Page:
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Snake Breeding


All You Need to Know About Snake Breeding

Snake breeding is not one of those phrases that comes up often in everyday conversation. Many of us are afraid of snakes; why would we want to breed them? Many people around the world have snakes as pets, though, and many more also make money by raising them and selling them to pet-owners and other interested parties, so snake breeding is not as farfetched or uncommon as anyone would initially think. If you want to know more about this interesting process, then read on. I will give you some intriguing information about breeding snakes for your own education (and perhaps even use).

For starters, let us talk about snakes. A snake is a reptile, which is a member of the animal kingdom. Specifically, snakes are classified broadly as Squamata serpents, under the Reptilia class. Generally speaking, snakes are legless vertebrates that lack external ears or eyelids. They are covered in scales and are also ectothermic, or what we know as ‘cold-blooded’. This means they cannot control or regulate their temperature externally and have to maintain it by basking in the sun, cooling down under a rock, or other means of control in their habitat. Most snakes also lay eggs as a means of reproducing, which is important in breeding them.

Snake breeding involves taking two snakes and mating them to produce offspring, just like with any other animal out there. As a whole, the process can be quite complicated, and it always helps to consult the advice of someone who has been in the business for quite a while. With that being said, this article will give you some tips and information to get you started. For starters, you have to have a male and a female snake of the same species. Snakes do not work like dogs, in that there are multiple breeds that can be interbred. You have to have two pythons, two mangrove snakes, two vipers, etc. Telling the gender of the snake is often tricky and even the pros make mistakes with it on occasion. There is an opening towards the rear end of the body called a cloaca. If you stimulate this area with a tool called a sexing probe, the male’s hemipenes will protrude. But, it is helpful to have someone show you how to do this.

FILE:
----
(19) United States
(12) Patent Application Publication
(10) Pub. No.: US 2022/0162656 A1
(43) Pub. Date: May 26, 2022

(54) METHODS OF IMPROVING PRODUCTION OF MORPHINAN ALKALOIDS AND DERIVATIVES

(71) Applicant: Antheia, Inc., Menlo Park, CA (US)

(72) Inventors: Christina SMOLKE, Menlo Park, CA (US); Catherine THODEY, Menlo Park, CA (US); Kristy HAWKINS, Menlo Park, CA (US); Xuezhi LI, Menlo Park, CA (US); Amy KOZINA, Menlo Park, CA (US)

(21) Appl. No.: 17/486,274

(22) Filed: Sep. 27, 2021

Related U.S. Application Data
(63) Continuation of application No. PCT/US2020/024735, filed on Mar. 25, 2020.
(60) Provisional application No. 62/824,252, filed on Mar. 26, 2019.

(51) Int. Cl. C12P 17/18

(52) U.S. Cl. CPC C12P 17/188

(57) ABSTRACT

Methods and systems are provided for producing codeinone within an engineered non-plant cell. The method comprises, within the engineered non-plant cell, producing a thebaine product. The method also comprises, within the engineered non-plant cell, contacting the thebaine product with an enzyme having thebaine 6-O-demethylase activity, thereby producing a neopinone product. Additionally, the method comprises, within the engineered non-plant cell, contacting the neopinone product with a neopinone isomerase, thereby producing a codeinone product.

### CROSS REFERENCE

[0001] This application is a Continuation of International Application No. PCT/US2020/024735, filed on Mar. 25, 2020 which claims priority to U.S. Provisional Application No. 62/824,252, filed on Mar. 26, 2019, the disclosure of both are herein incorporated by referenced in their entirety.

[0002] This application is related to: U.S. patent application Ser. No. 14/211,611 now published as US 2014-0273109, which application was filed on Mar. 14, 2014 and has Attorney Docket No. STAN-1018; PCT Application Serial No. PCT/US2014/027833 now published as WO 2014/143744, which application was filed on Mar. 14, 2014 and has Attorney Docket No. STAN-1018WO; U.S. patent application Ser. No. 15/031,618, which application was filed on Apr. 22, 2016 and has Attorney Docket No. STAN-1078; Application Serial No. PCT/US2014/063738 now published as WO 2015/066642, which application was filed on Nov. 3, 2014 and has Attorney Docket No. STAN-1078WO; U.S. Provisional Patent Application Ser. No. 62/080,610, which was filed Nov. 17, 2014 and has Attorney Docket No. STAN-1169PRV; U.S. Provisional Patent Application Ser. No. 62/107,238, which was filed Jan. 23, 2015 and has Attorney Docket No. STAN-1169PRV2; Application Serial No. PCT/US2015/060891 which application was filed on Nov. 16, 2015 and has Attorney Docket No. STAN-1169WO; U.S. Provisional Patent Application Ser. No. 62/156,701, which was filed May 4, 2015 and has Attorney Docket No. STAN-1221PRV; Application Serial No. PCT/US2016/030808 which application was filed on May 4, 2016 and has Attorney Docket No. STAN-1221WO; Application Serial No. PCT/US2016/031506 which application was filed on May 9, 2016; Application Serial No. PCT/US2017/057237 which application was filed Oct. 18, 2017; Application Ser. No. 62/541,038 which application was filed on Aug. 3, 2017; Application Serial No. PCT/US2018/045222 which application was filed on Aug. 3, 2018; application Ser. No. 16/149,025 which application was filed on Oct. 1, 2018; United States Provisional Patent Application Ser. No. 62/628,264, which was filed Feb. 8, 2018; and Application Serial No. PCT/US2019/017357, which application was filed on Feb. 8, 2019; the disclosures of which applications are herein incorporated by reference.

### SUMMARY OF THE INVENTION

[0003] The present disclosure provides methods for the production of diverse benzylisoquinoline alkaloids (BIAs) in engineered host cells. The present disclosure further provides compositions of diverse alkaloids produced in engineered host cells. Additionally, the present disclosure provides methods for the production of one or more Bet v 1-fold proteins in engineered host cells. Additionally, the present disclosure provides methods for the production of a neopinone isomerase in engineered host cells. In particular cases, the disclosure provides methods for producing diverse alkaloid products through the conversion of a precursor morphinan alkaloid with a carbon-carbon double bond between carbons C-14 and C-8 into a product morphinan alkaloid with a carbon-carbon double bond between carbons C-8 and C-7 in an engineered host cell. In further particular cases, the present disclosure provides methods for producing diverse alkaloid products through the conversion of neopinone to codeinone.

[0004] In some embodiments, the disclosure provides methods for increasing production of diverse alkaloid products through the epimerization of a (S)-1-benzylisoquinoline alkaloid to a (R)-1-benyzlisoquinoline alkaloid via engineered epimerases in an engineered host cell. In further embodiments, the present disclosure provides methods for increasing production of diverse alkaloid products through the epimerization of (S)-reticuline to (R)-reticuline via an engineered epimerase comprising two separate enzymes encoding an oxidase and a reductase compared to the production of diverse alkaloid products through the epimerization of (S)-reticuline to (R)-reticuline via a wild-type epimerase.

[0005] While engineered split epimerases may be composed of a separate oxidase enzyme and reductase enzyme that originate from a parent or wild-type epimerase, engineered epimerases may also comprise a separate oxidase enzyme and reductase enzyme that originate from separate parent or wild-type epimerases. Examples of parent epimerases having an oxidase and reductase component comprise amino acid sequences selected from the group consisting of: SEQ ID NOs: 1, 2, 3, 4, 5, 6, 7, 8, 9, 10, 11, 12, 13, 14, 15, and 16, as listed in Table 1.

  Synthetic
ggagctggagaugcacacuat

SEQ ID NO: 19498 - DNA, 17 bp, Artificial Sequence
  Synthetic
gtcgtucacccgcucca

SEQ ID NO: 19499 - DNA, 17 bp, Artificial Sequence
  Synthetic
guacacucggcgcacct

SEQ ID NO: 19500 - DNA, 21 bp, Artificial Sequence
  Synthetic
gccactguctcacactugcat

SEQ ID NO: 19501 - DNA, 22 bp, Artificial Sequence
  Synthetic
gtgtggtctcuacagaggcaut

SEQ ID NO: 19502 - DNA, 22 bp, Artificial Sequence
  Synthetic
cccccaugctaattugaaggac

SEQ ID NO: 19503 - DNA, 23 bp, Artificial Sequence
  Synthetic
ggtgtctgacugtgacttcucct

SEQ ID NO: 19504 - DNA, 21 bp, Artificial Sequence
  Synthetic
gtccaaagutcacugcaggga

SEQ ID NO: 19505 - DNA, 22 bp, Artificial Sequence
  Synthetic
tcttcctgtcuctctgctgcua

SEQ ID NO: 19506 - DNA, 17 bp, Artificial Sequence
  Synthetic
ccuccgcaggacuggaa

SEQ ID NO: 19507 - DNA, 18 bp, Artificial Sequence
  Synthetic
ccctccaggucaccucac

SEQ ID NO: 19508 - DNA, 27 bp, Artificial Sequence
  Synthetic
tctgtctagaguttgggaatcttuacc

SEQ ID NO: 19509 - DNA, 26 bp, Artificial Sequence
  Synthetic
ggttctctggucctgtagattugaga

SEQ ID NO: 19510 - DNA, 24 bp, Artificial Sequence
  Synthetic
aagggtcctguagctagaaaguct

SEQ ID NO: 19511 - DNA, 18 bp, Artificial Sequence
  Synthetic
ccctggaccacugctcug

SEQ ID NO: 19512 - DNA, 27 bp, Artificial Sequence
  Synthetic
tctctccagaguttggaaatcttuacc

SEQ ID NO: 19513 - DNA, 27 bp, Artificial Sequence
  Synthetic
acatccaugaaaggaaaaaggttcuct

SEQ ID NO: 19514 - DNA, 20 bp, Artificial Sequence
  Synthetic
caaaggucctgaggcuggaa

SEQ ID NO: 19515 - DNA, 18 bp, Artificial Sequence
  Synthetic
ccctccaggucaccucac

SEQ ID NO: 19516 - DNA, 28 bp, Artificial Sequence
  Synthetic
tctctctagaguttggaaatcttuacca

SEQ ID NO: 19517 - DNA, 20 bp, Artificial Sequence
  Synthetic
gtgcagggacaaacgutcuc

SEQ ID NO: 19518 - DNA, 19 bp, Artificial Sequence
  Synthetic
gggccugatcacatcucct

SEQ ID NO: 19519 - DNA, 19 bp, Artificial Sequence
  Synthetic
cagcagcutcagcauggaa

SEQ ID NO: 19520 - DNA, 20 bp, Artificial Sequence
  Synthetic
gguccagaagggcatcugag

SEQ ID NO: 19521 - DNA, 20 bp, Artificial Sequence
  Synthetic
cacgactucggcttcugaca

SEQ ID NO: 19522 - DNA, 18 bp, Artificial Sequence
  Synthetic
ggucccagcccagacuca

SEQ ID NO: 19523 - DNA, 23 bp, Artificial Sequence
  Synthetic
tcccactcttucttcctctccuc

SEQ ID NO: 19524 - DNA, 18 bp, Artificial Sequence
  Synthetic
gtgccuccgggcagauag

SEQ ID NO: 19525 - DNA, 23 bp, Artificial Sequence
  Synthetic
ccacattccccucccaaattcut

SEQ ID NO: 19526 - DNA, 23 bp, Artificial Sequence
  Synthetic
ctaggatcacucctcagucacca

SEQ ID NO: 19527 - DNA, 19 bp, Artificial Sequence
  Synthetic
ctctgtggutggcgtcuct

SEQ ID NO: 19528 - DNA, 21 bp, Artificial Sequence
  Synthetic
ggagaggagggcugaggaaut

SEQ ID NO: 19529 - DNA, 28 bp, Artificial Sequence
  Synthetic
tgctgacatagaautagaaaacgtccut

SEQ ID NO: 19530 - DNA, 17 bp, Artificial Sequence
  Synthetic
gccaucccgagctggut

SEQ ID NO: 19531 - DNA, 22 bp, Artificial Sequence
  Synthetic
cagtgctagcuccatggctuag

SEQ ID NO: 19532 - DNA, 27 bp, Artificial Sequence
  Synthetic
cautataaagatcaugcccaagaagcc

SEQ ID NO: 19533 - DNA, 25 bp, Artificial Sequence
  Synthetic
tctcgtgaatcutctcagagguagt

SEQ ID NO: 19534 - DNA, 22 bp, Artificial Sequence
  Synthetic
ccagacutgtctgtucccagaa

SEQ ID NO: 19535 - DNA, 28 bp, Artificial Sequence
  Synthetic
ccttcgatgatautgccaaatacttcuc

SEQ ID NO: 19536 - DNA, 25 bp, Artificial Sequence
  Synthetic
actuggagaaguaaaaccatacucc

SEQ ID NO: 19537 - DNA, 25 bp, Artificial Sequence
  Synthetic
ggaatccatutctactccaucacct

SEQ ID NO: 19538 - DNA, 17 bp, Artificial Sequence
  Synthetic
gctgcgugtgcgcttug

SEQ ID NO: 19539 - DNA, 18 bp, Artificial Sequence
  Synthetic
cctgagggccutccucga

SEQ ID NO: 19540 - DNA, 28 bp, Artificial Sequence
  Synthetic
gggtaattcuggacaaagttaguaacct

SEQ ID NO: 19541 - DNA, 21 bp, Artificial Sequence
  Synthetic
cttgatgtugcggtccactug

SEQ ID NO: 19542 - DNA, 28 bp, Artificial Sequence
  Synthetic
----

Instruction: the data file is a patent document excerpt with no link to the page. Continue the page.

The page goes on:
Next, you have to create the right environment. Each kind of snake has a particular reproductive cycle that is stimulated by certain factors or conditions, like temperature, light, etc. You have to determine what that is for your particular type of snake and then make it happen (by adjusting the lights, turning down the temperature, etc.). Following this, it is time to gradually introduce the male to the female. Once acquainted and comfortable, the female will let her guard down (eventually) and the two snakes will mate.

For egg-bearing snakes, the incubation period after egg laying is anywhere from 40 to 70 days. For live birth, baby snakes can take as long as 100 days to be birthed. Litters (how many young per conception) also vary depending on what type of snake you have, but normally they can range from as few as one to as many as 50 or 60. So, if you are snake breeding, be careful: you will quickly have a mess of snakes on your hands.

Snake breeding is more complex than it has been described here, which is why I encourage you to hook up  with a professional and someone who has done this for years and learn the science from them. Be it for business or pleasure, breeding snakes is sure to be an interesting and captivating experience.

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